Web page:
Environmental Law 2020 Comparisons

Last Updated November 13, 2020

Contributed By Milaré Advogados

Law and Practice

Authors



Milaré Advogados is a boutique law firm located in São Paulo and dedicated solely to environmental advocacy, due to the high expertise of its 18 professionals. It has four departments that deal with environmental law related to specific activities and sectors: (i) agribusiness, forestry and paper, ports and airports infrastructure, real estate and natural resources; (ii) energy and mining; (iii) solid waste; and (iv) criminal environmental law. The team provides preventative and litigation advice, makes normative instruments for state authorities and offers opinions that lead to important decisions. Milaré Advogados directs business negotiations by participating in auctions (eg, solar power), deciding what practices should be adopted in environmental licensing (eg, UHE Belo Monte) and advising on the application of environmental rules to projects. It has extensive experience in obtaining environmental licences for infrastructure and forestry projects, and authorisation to access genetic resources as well as administrative and court processes related to environmental law.

In addition to the Federal Constitution, which designates a specific chapter for the protection of the environment (Article 225), the main national policies and environmental laws are:

  • the National Environmental Policy (PNMA), instituted by Federal Law No 6,398/1981;
  • the Environmental Crimes Law, established by Federal Law 9.605/1998, which also provide for administrative infractions resulting from conduct and activities that are harmful to the environment; and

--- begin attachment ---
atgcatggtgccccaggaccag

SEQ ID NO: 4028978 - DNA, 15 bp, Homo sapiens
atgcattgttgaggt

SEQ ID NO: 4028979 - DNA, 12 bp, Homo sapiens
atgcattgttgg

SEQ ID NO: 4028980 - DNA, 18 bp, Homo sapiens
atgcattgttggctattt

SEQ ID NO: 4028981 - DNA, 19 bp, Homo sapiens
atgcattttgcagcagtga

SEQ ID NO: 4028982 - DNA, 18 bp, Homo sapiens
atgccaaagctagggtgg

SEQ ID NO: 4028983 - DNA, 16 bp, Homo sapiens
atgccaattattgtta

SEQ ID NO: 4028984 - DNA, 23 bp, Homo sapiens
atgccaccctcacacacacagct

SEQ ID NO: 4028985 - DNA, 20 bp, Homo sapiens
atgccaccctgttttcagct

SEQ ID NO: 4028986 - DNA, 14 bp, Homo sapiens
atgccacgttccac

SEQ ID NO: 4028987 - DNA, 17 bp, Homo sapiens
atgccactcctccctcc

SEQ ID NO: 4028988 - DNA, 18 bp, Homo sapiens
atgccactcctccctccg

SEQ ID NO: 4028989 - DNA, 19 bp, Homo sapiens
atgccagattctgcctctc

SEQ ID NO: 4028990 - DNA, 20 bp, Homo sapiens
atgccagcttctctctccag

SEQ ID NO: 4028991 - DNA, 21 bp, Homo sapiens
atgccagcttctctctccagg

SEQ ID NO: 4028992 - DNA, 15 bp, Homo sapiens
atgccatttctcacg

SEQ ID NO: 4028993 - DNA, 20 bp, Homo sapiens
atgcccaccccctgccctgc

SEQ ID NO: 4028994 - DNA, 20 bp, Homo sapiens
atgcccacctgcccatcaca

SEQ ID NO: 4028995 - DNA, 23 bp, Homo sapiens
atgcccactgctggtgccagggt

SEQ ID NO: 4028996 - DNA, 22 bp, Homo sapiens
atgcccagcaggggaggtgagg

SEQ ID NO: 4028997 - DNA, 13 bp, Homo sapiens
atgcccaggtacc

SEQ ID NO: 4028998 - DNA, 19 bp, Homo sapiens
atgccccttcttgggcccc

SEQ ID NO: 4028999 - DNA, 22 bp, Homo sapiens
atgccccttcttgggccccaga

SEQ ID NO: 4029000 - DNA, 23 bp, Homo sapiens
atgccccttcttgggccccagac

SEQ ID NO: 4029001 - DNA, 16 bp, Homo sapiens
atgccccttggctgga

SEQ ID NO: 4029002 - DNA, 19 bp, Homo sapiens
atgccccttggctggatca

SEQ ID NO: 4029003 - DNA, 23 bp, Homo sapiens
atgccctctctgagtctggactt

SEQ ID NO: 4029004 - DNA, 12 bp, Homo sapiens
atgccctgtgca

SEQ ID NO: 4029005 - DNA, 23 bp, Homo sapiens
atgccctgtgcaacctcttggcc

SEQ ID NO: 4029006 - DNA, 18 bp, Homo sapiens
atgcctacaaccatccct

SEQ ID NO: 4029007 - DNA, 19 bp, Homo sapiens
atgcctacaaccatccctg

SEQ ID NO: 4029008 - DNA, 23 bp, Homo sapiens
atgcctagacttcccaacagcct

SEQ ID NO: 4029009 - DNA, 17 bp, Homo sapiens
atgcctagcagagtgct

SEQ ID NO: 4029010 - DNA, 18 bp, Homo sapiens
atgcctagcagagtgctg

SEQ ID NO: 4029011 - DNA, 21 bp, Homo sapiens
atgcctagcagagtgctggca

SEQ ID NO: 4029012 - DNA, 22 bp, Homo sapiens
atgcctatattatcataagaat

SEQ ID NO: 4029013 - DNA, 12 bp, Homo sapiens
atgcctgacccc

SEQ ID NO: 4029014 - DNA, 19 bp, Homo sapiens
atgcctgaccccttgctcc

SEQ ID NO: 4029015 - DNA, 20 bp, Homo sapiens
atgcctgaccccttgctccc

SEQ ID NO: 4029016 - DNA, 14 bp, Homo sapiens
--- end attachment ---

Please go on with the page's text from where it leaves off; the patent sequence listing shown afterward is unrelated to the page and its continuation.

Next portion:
• Complementary Law 140/2011, which establishes norms for co-operation between the federal government, the states, the federal district and municipalities in the administrative actions arising from the exercise of their competence in environmental matters.

There are other relevant policies regulated by laws that have been established for specific topics. These are:

  • the National Policy on Water Resources – PNRH (Federal Law 9.433/1997);
  • the National Environmental Education Policy – PNEA (Federal Law 9.795/1999);
  • the National Urban Policy (Federal Law 12.587/2012);
  • the National Biodiversity Policy (Federal Law 13.123/2015);
  • the National Policy on Basic Sanitation – PNSB (Federal Law 11.445/2007);
  • the National Policy on Sustainable Development and Traditional People and Communities (Federal Decree 6.040/2007);
  • the National Policy on Climate Change (Federal Law 12.187/2009);
  • the National Policy on Solid Waste – PNRS (Federal Law 12.305/2010); and
  • the Policy for Territorial and Environmental Protection of Indigenous Lands – PNGATI (Federal Decree 7.747/2012).

The main principles are those already recognised internationally: polluter-pays, prevention and precaution.

Notable Developments, Regulatory Changes, Government/Regulatory Investigations

The biggest discussions regarding environmental law in Brazil in the last two to three years have taken place in the courts. The highlights have been the implementation of environmental legislation and discussion regarding the conformity of actions and developments with the law. The jurisprudence follow-up has revealed a lack of unity in the decisions.